With a nearly full load, it took the better part of 200nm to get up to cruise altitude, but once there, the aircraft comfortably maintained a cruise speed of Mach 0.85. It’s worth remembering that the 747 is an absolute bullet of an aircraft, second only to Concorde in speed. At several points on the trip, with the 80 knot Jetstream behind me, I think my groundspeed actually exceeded 600mph. Something that struck me about this aircraft, particularly compared to other aircraft from the same period, was actually how little input it needed until the descent stage. The fuel system did not need a great deal of attention for balancing and I didn’t need to keep a particularly close eye on the navigation or the throttle, as the INS and autothrottle system kept the aircraft where it needed to be.  In addition to this, the aircraft is capable of performing a full autoland, even up to the maximum crosswind limit. It’s worth remembering that Boeing’s engineers achieved this level of automation in an era where computers took up entire rooms in universities. In fact, it’s likely that the computer that controls the antilock brakes in your car is an order of magnitude more powerful than the computers running the INS and autoflight systems in the original 747s. Incredible, and faithfully brought to life by Felis in this simulation.



It's hard to find much to complain about with this package. A few really minor things I noticed – the default viewpoint in the aircraft is centred behind the main instrument panel, to the left of the flight engineering panel. While it’s easy enough to set custom views with the numpad, I do think it would be better placed in the actual left seat as it is in most other aircraft. This is particularly annoying in VR, where I use buttons on my HOTAS X52 to switch between external and internal views. VR otherwise works pretty well even though formal VR support is going to come at some point after the aircraft’s release. In addition, I noticed there was no smoke effect on the tires on landing the aircraft. I also couldn’t map the speedbrake axis to my joystick for some reason, having to rely on clicking and dragging. Having said that, these are all minor and easily fixable issues and my experience with the aircraft was remarkably smooth. Despite being in beta at the moment, I didn’t notice any bugs during my 10-15 hours of flight. At the moment, the aircraft is only available in the JTD9 passenger variant, and custom failures are not modelled, though I understand this and multiple variants are in the pipeline for future releases.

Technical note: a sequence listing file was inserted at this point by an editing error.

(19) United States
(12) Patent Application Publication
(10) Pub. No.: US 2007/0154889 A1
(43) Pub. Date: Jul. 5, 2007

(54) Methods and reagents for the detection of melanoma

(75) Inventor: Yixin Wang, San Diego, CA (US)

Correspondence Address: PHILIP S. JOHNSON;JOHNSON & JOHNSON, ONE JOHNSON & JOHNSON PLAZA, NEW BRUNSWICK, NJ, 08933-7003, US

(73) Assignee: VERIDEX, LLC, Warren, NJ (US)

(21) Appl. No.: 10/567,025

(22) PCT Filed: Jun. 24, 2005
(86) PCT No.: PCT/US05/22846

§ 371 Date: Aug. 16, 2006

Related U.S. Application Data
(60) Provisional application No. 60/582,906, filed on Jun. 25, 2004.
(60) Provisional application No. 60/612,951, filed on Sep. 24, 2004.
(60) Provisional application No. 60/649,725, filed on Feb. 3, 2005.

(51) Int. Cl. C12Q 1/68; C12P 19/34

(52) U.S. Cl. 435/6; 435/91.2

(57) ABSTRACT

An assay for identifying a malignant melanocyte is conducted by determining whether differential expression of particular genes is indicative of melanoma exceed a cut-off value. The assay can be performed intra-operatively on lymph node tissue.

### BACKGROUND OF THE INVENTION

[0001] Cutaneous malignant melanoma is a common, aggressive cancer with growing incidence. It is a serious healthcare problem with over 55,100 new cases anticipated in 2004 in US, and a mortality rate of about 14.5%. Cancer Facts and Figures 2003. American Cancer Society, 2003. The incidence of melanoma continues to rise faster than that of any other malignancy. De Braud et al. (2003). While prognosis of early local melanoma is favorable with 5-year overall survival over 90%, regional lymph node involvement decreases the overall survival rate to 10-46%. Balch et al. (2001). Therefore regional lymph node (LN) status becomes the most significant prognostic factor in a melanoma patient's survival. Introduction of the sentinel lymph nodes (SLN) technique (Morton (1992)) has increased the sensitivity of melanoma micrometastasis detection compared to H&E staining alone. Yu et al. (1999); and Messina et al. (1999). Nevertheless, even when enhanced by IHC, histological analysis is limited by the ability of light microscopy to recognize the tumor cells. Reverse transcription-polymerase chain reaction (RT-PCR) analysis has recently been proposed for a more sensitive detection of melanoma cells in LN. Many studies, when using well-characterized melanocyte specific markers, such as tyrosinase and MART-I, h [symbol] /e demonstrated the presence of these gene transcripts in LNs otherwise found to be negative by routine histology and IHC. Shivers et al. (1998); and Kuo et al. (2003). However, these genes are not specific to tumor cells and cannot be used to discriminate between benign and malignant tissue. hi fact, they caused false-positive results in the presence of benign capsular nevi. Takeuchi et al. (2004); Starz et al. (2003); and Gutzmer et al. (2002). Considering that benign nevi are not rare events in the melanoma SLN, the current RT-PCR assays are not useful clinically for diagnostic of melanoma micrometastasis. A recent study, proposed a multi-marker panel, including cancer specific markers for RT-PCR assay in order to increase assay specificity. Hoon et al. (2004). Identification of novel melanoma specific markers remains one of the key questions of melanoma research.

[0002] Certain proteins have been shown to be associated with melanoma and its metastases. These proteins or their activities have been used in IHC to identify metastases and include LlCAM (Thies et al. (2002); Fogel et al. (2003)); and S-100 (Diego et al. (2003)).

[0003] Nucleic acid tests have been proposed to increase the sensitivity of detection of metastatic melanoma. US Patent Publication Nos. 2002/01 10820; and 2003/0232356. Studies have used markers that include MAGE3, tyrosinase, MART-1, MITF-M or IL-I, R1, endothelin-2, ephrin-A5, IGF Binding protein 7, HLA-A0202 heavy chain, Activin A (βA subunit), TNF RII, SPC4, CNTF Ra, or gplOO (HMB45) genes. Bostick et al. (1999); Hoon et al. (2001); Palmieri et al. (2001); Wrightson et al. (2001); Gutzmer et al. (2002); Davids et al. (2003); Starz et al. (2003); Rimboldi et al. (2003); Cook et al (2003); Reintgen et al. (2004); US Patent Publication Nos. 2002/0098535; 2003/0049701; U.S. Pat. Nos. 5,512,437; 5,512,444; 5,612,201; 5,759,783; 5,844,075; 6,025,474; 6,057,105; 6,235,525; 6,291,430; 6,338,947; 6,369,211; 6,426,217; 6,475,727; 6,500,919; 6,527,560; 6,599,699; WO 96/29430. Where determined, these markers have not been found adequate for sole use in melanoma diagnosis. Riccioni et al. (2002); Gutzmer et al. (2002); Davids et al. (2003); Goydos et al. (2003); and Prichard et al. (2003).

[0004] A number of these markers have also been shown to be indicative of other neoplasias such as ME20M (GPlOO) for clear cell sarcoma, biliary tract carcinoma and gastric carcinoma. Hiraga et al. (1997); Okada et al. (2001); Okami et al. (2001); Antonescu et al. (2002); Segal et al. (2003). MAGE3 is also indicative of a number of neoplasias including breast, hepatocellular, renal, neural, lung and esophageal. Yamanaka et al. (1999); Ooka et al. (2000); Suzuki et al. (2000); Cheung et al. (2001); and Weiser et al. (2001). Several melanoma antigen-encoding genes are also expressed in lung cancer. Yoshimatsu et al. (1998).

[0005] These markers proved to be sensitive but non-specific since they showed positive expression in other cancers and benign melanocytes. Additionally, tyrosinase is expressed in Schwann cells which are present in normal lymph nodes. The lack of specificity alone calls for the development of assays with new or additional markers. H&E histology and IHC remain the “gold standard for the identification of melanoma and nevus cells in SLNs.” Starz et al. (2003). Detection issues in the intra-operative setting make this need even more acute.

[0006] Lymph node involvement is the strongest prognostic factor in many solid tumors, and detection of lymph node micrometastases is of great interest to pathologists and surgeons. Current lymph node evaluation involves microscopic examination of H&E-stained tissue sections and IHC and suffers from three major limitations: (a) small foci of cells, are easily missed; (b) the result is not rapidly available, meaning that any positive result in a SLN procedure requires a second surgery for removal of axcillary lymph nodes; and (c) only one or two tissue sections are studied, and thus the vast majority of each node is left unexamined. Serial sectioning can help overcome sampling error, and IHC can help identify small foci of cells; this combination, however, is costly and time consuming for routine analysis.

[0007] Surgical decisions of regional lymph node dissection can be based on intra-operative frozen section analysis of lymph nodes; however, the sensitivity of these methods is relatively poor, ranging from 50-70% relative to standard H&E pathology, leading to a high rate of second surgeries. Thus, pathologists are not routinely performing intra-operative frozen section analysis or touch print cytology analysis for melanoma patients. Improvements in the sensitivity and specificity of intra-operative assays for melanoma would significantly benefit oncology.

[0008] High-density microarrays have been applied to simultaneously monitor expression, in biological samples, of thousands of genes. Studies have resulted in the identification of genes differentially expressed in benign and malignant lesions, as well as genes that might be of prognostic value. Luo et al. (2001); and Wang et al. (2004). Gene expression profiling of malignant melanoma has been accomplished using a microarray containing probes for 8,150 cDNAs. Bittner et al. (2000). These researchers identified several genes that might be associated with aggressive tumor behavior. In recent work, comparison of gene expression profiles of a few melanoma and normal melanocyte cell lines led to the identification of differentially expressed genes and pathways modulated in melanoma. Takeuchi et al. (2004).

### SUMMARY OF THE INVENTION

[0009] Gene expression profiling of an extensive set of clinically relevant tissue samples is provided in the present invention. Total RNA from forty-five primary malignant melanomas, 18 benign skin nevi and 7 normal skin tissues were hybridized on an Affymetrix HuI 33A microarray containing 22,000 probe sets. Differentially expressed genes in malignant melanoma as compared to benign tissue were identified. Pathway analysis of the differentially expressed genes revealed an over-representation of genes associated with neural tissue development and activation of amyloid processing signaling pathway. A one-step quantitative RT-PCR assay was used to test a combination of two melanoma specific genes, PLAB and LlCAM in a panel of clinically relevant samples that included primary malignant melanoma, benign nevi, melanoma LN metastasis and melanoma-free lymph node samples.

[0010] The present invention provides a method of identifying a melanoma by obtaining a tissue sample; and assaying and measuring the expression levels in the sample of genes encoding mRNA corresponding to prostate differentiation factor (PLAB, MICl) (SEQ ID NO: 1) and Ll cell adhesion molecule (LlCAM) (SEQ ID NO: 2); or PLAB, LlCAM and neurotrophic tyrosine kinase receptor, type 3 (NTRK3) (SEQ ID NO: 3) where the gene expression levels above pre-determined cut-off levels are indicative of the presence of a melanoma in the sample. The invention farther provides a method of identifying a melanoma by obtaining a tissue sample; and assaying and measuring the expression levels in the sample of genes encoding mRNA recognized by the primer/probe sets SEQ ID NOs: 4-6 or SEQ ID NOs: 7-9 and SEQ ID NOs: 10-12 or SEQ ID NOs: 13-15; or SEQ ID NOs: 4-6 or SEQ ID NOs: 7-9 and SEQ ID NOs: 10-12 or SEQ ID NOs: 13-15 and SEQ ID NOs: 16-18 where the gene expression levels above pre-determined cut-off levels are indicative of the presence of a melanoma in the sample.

This aircraft is easily on par with the best addons currently available for X-Plane. It is a visually gorgeous, study-level simulation of one of the most iconic aircraft ever built. In fact, I would go as far as to say that this is probably the most advanced and complete simulation of the 747-200 ever brought to the world of desktop flight simulation. Amazingly as well, despite the visuals and complexity of this aircraft, the performance on my machine was excellent and I never saw my framerate dip below about 35, despite high visual settings and lots of custom scenery. I had the privilege of flying aboard the 747-200 quite a bit as a child, and getting into the left seat of this aircraft and pushing the throttle forward to the takeoff thrust setting for the first time brought a huge smile to my face. I think this addon has something that simmers of all ages and experience will enjoy. I would say this is a must-have addon for the X-Plane platform and I am excited to see what further developments come from this project in the future.

The Felis 747-200 is due for release within the next few weeks and will be available on the software store.


Additional Notes

Make sure to join Felis’s discord server at for updates.

Access to pre-release beta for this review kindly provided by Felis.

Review PC specs – Acer 17” gaming laptop, 8th generation Intel core i7 six core processor, NVIDIA GTX 1660Ti graphics card, 24 GB of DDR4 RAM.

For my exclusive on-air interview with Felis, please visit: